Carsten ten Brink | Albert’s Day Off

The grandfather clock struck. Albert studied himself in the mirror, adjusted his tie. The parting in his graying hair was perfectly straight. His white sideburns were freshly cut. The slate-colored suit still fit.

He walked down the unlit hallway, past the wooden grandfather clock that his parents had received as a wedding gift, past the wall of framed photos lovingly hung by his mother during his childhood and past the faded, innocent drawings of houses, pets, and nuclear families.

In the kitchen Albert heated milk in a pot on the gas-ring; into a second pot, already filled with water, went two brown eggs. White bread, two slices, moved from breadbox to toaster. The kitchen table had two places set, each with its own small Sylvester plate, Tweety eggcup, spoon, glass and mug. He poured orange juice into the glasses and banana Nesquik powder into the mugs. When the toast was ready, he cut the pieces into rectangular slivers, an equal number on each plate. He cracked and peeled the tops of the two eggs, poured the warm milk into the mugs, stirred until no lumps remained. He sat down and ate.

He poured the un-drunk orange juice and Nesquik into the sink, slid the uneaten egg and toast slivers into the bin underneath, washed both sets of breakfast dishes. As he dried his hands the left one twitched.

In the living room, Albert picked up his school bookbag, with Scooby-Doo in Shaggy’s arms on the side, and sat on the small wooden chair, the bag on his lap. Two plastic Spider-Man lunchboxes rested on the table.

He sat motionless, his feet crossed at the ankle underneath the chair. Weak light entered through the curtains. Occasionally the silence was interrupted by the noise of a heavy vehicle.

The clock struck twelve. Albert carried his Spider-Man lunchbox to the dining room. He ate his PB&J and apple slices, drank his milk, and returned to the chair.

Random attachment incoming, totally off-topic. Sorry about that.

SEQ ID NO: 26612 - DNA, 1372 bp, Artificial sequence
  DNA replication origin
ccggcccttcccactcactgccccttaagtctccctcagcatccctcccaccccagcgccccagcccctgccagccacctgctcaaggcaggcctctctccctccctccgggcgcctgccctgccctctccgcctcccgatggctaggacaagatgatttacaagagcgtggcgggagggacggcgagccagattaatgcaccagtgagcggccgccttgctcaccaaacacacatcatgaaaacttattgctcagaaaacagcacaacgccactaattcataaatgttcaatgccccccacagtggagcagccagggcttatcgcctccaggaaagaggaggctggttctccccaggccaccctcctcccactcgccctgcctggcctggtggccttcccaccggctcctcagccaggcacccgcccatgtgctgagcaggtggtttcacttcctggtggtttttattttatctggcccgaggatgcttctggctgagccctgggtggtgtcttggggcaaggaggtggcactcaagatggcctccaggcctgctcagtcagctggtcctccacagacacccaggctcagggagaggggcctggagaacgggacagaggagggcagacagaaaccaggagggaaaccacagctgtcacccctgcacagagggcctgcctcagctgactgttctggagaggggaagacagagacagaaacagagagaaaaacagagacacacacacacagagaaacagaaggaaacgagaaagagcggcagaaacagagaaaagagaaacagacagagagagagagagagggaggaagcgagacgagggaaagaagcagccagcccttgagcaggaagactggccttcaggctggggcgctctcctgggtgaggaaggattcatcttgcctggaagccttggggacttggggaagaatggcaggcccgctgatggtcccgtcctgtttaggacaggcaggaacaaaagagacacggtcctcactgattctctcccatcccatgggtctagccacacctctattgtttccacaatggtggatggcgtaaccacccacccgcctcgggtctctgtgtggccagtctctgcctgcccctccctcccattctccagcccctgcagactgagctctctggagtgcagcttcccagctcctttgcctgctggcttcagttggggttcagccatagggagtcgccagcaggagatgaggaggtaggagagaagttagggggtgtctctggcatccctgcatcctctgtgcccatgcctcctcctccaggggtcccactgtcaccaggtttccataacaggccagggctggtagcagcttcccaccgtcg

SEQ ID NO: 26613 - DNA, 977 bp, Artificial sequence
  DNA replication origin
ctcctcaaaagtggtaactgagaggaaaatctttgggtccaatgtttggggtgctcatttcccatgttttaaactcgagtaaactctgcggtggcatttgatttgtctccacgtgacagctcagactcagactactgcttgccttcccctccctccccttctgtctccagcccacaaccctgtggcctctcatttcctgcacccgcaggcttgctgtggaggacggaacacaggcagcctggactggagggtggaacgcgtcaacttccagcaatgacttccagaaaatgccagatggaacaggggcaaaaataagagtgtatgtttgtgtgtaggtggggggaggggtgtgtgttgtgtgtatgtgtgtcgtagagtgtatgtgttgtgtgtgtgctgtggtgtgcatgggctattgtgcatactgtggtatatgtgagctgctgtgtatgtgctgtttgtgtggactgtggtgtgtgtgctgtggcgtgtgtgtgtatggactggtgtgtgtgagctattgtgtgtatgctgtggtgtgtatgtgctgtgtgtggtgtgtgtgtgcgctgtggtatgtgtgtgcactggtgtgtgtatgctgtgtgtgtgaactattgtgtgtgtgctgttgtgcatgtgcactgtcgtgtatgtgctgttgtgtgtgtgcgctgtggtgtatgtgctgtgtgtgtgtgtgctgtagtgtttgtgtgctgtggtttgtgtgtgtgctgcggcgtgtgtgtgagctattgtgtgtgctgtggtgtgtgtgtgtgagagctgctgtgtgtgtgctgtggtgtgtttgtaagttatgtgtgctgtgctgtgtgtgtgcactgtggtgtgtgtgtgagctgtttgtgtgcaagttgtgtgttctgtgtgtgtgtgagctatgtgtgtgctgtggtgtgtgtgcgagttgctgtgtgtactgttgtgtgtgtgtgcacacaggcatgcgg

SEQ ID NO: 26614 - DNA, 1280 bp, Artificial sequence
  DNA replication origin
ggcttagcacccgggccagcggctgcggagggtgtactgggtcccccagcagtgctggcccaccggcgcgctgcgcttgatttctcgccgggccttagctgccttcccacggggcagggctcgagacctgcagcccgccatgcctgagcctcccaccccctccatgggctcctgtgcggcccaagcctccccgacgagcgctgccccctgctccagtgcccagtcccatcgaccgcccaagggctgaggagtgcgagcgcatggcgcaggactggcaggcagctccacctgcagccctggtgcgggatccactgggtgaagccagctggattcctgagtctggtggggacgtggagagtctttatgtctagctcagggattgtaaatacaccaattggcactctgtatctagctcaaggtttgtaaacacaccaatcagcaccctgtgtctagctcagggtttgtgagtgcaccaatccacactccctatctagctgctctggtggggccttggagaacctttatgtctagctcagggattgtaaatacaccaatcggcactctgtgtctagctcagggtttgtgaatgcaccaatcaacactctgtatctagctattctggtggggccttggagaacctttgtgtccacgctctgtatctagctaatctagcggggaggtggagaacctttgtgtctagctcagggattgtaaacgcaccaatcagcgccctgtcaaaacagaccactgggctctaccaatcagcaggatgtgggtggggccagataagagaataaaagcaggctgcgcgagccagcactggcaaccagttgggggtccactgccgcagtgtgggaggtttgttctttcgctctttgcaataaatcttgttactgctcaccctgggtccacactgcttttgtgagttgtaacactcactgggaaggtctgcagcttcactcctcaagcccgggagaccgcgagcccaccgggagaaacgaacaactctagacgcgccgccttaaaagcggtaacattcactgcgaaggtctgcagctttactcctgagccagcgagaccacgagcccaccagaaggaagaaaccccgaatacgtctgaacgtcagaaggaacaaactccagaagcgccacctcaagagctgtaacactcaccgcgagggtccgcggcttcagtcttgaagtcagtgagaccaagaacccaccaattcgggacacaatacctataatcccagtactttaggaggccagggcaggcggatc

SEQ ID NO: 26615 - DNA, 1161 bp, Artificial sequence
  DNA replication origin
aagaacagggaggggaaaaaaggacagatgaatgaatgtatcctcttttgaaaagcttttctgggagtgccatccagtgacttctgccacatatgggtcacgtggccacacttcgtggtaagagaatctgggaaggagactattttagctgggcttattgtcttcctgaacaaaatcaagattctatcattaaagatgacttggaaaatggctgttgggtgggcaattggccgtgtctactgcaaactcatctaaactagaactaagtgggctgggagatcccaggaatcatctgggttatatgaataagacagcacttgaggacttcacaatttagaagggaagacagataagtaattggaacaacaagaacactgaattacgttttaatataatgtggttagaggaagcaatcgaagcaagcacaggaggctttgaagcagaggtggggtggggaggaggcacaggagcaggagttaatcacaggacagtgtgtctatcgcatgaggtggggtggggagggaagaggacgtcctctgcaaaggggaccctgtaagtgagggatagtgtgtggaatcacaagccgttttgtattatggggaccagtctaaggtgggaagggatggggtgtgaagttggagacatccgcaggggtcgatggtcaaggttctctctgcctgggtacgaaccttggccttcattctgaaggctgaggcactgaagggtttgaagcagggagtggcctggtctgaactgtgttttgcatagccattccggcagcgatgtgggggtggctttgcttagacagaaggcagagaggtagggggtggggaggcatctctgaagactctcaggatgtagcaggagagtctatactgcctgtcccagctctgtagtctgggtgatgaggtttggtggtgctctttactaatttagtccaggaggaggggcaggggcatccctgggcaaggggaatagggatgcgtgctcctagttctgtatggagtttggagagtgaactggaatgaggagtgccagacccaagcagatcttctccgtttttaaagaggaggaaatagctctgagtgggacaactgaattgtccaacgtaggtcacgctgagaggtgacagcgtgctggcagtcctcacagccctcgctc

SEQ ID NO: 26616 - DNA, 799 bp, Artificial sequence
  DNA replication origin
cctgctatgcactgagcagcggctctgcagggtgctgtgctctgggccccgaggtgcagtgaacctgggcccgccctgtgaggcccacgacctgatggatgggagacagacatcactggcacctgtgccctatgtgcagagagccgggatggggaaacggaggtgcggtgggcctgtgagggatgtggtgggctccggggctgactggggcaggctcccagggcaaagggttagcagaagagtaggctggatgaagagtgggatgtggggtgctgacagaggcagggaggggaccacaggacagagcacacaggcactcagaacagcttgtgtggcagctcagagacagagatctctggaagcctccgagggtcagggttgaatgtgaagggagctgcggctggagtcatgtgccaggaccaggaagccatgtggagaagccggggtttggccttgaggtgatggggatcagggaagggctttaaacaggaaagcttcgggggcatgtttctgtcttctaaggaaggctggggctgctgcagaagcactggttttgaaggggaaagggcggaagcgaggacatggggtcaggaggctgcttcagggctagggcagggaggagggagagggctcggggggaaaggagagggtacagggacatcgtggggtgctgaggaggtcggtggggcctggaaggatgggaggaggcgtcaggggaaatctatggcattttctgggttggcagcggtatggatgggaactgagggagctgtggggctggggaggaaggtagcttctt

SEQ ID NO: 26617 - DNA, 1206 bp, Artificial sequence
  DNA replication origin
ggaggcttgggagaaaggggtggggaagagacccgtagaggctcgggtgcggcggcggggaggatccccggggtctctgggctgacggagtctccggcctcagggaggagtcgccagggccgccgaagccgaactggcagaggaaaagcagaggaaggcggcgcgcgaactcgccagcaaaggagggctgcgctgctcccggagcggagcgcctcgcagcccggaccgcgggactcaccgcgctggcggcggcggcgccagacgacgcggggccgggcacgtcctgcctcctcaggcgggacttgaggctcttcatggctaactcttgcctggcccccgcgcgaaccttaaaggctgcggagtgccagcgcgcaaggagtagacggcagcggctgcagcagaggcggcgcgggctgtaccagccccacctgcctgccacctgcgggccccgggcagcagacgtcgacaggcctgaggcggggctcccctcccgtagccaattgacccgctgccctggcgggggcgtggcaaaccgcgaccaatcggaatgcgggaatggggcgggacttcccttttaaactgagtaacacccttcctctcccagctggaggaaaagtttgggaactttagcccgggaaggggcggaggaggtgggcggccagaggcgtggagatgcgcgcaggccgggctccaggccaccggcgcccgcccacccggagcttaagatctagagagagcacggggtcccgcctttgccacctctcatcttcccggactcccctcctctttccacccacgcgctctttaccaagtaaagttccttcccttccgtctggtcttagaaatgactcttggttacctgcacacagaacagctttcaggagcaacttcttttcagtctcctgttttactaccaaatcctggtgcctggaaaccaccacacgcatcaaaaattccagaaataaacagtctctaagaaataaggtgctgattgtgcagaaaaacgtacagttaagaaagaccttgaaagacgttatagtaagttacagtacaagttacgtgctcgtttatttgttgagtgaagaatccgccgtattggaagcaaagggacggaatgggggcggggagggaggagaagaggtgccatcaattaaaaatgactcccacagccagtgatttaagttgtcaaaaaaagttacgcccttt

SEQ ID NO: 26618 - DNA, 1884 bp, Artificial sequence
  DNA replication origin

The clock struck four. He unlocked the door at the end of the corridor. Inside, the wallpaper’s bright blue stars-and-planets motif matched the bunkbeds’ quilts. An olive-green volume marked “Stamps” lay on the low square table, accompanied by an empty frosted-glass perfume bottle resting on a folded pillowcase. Albert knelt, opened the album to the first page with its colorful stamps: Mickey, Minnie, Goofy and Pluto, each with different denominations. One by one, with tiny tweezers, he examined them.

His hands gripped the perfume bottle that he had hidden inside the pillowcase, the pillow with which he had struck the skull of his older brother, who hadn’t wanted to share.

The clock struck six. Albert placed the bottle back on the table, closed the album, stood up, knees at first stiff, and left the room. In the hallway he took down the wooden-framed photo of his brother Cam proudly escorting Albert to his first day at school, both in their grey uniforms.

He waited there, holding it, for the taxi that would take him to the cemetery.

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